But to love something despite. To know the flaws and love them, too. That is rare and pure and perfect.”
|—||Patrick Rothfuss, The Wise Man’s Fear|
I love our Show despite; I love the character of Dean Winchester because.
Personally, I'm not a huge fan of the Oz storyline in our Show. I know, I can hear you now: "Ghosts, vampires, werewolves, and wendigos you're okay with, but wicked witches and wizards appear and you've got issues??" Hey, everyone has their line. Mine, apparently, stops at the yellow brick road. Maybe it's because I live in Kansas and you can't go anywhere and say where you're from without some reference to Oz or the smirking, "You're not in Kansas anymore," comment. Personally, I'm hoping that since the key is broken, we're done with Oz. So...due to my own sour grapes, I'm choosing to skim past the Oz aspect of "There's No Place Like Home" in this Ramble and focus instead on the interesting layers of dark and light that the clunky Oz storytelling revealed to us.
I've always loved Charlie. Felicia Day seems like someone I'd love to hang out and eat ice cream and gummy bears with while we binge-watch four seasons of Game of Thrones together. She's just fresh and fun and genuine and so it was jarring to see Dark!Charlie. I thought for sure she was possessed -- especially when she was holding the council woman hostage and asked, "Who?" when the boys demanded she let her go. But it was infinitely more interesting to consider the fact that Dark!Charlie was actually still...Charlie. Just a part of her personality that she spends a decent amount of time repressing. It goes back to Castiel's line in the last episode that there's a little monster in all of us. We all have our ying and yang. Both sides of the duct tape. I could go on and on, espcially if I slip into Star Wars analogies. But I'll spare you.
I loved the overlay with Dean's dark side. Last season we had the Ghostfacers come in and twist our kaleidoscope a bit so that we could view what was happening between Dean and Sam through the lens of another story. This time, not only do we get to see Dean's struggle against the darkness a bit differently, but he does as well. I also loved how it made me think of reality for a moment. I typically select entertainment to watch and read that is a pure escape. I watch shows like Game of Thrones, Walking Dead, Supernatural, Arrow, Banshee, Sons of Anarchy and read authors like Stephen King, Joe Hill, Joe Hart, Chuck Wendig and Neil Gaiman purely so I can step away from reality. My life is too real sometimes, y'know?
But an interesting thing happens: in order to draw us in and ground us in the unreality, these stories tend to ground their characters in very real emotions and realizations. Watching Dean fight to stay in the light, push himself as far from temptation and the precipice of an abyss he can't fathom the bottom of had me holding my breath a bit. Each time his hand would shake, each time he'd look almost longingly at a bottle of booze (his proven escape), each time memories slipped across his eyes or his voice tightened, I found myself drawn closer to the screen. Because you could see it sneaking up on him in the quiet moments, when his guard was down, or through the cracks of his shields that he hasn't had time to repair. Watching him struggle and surrender and fight and give and loathe himself the whole while because he has this vision in his head of what is good and right and pure had me feeling a kinship to him that I honestly haven't felt since...Stull.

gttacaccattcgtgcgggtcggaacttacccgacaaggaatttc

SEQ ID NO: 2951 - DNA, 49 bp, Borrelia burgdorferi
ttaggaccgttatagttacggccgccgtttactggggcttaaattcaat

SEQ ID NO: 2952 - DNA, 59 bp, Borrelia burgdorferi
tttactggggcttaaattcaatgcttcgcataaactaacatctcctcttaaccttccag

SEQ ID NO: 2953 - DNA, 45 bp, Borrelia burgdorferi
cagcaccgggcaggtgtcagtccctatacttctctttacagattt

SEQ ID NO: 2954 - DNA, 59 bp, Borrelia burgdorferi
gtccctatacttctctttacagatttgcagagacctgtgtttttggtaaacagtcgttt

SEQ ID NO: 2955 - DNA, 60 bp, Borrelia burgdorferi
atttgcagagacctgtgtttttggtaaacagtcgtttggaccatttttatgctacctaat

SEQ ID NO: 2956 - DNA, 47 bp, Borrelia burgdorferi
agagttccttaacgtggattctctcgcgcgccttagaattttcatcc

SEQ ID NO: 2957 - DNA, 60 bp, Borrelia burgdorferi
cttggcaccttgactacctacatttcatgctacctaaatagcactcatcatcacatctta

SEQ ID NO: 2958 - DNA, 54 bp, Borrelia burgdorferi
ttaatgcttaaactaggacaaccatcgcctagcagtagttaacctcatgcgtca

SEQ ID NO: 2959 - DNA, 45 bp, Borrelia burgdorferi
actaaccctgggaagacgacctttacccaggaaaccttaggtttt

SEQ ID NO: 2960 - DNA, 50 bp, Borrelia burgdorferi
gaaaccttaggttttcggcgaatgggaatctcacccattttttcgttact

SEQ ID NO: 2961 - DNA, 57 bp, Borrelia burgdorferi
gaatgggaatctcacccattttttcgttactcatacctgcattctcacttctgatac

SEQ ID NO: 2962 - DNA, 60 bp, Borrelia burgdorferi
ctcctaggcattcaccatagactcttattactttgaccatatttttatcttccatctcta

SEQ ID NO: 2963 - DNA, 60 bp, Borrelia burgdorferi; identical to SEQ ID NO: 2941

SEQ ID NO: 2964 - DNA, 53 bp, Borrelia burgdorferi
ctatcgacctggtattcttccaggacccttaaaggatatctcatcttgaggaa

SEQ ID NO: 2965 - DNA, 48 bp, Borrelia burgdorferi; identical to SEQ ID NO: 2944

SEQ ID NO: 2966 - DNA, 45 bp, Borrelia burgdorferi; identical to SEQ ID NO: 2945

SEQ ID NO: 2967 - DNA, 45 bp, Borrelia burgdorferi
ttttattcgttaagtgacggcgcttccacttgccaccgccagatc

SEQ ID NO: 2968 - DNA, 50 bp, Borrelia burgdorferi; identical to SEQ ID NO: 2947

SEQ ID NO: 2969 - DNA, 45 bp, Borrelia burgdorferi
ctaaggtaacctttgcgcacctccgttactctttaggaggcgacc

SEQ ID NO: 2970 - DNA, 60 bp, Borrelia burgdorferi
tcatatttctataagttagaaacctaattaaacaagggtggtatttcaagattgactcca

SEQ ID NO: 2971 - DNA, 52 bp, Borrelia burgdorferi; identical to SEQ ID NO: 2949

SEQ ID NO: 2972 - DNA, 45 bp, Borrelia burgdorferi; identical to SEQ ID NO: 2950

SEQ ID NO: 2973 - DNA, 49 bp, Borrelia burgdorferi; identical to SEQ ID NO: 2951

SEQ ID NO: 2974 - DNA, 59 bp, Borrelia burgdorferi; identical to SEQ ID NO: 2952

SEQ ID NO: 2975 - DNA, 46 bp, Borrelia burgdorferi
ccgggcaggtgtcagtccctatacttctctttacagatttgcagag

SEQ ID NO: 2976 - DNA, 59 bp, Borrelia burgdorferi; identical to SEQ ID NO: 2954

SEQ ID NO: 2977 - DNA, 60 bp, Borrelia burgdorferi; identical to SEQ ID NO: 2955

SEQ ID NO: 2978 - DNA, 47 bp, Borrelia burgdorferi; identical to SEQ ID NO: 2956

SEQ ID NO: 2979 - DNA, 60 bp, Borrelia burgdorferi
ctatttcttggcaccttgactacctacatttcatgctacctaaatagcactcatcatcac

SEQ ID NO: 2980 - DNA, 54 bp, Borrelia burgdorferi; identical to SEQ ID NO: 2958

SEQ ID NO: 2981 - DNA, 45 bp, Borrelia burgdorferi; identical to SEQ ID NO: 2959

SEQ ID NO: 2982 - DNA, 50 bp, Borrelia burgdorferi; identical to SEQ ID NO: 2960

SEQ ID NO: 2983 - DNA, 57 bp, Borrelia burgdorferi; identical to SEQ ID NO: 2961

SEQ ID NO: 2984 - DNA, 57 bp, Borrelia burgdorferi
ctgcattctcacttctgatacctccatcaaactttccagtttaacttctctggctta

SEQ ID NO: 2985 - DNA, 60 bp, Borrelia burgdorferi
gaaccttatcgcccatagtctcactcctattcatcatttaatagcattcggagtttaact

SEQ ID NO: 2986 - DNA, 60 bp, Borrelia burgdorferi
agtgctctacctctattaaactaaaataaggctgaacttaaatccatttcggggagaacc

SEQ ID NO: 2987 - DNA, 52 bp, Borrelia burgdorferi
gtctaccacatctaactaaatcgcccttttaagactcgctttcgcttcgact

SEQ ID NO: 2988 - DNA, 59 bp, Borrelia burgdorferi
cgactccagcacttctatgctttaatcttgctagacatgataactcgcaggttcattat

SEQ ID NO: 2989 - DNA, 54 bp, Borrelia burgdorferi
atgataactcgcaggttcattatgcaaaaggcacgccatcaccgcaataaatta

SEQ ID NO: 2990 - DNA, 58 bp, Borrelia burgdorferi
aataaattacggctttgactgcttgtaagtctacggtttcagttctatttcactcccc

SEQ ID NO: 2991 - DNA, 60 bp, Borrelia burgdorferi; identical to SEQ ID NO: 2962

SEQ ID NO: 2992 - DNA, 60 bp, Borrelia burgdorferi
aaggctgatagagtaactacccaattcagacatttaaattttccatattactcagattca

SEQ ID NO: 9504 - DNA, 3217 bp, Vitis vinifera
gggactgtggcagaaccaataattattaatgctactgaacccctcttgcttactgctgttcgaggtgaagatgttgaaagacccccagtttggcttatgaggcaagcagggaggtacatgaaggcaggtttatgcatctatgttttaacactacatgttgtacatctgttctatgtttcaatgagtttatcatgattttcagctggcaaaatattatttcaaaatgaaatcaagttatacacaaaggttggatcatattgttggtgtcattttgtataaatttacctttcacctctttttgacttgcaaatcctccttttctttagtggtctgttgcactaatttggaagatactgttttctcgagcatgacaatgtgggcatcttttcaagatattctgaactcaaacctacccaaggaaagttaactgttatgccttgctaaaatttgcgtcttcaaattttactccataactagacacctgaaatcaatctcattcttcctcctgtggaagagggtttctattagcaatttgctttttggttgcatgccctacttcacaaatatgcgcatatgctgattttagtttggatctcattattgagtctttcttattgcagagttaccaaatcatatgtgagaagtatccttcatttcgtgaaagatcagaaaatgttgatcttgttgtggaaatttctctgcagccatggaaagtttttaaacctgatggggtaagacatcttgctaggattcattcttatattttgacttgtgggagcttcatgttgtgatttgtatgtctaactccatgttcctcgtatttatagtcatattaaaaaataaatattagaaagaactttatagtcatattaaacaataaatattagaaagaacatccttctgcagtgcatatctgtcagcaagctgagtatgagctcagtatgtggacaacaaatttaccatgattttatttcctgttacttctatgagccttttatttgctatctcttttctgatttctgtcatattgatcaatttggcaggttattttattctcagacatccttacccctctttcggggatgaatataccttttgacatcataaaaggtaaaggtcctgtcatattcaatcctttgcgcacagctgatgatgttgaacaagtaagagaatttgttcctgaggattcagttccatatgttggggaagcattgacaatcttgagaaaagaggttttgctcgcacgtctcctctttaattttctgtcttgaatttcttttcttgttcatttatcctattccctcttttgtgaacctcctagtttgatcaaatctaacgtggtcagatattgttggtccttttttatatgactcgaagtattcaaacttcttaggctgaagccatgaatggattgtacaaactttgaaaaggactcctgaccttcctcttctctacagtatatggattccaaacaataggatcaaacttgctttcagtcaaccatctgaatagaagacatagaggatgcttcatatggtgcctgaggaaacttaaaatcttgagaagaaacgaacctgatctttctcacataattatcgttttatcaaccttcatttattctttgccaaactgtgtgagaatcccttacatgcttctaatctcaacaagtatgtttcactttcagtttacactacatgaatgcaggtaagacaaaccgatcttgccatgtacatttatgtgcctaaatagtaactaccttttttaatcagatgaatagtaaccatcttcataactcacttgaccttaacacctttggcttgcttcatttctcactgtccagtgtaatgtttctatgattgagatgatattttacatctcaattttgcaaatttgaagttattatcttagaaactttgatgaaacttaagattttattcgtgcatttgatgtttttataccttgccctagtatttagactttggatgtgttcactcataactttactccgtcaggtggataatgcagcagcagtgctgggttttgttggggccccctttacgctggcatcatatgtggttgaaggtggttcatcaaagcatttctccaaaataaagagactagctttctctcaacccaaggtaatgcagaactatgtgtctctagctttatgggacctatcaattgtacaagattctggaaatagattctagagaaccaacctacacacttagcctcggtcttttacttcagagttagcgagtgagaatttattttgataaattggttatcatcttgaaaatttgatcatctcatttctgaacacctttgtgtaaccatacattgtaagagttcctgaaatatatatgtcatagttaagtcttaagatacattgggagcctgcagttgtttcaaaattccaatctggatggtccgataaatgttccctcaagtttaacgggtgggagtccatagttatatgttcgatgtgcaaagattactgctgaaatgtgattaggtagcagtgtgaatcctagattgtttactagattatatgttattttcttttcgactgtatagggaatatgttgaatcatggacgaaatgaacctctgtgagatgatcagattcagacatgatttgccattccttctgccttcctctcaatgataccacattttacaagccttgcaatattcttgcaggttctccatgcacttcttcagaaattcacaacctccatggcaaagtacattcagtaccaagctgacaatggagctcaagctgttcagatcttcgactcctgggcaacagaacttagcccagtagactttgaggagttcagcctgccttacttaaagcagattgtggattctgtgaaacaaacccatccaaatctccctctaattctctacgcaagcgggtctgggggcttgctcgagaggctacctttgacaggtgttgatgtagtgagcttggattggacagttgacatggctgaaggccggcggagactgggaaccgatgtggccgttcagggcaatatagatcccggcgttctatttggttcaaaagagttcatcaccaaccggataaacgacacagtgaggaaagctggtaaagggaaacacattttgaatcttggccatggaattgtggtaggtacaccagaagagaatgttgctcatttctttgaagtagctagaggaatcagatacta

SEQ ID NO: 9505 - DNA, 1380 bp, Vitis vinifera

It made me think about how without our darkness, we couldn't even see our light. It made me think about how it's possible to love someone and hate their choices, or to protect someone you know in your bones is a horrible person. It made me think about the beautiful and complicated journey it is to be human -- how we can hurt and still go on, how we can sin and be forgiven, how we can be loved when we don't love ourselves.
Without turning this Ramble into a therapy session, I'll just say that watching Dean fight his darkness, trying so hard to do what Sam is encouraging him to do and find a way to live with it as Cain did, and yet still tremble and still doubt and still rage and still look at himself in the mirror with eyes swimming with shadows tugged at something inside of me and reminded me how and why this character owns me. It wasn't his most emotionally powerful episode or his most outwardly compelling, but I think that's why it got to me. The subtle resonance of his internal struggle crept up on me, grabbed me from behind, and didn't let me go.
- Dean making egg-white omelets. For both of them.
- "Demon tramp stamp."
- "Our Charlie - wouldn't hurt a Hobbit, practically sparkles?"
- The way Dean referred to Charlie as a 'good kid' and as someone who no matter what deserved the benefit of the doubt. His faith in her and instinctive protectiveness made what happened at the end have so much more of an impact.
- The health-food stakeout in the Impala.
- Alias' Gabriel and Collins. Nice Genesis shout-out there.
- Charlie's quest to find the man who was responsible for her parent's death. That was believable and good closure for that part of her character's story.
- Charlie referring to Dean and Sam as 'Rocket' and 'Groot' from Guardians of the Galaxy. It's a funny twist on their size and personalities (gentle giant vs a scrappy scoundrel), but then I remembered this line from Rocket about how he never asked to be torn apart and put back together and turned into a monster. In fact, the more I thought about it -- Groot sacrificing himself to save his friends, Rocket's defense mechanism of sarcasm and solitude, pushing everyone away to protect himself, but coming through in the end every single time...it suddenly felt like one of the best analogies every made for these two. And yes, I may have seen GotG a few times. Chris Pratt is possibly my new virtual boyfriend. So there.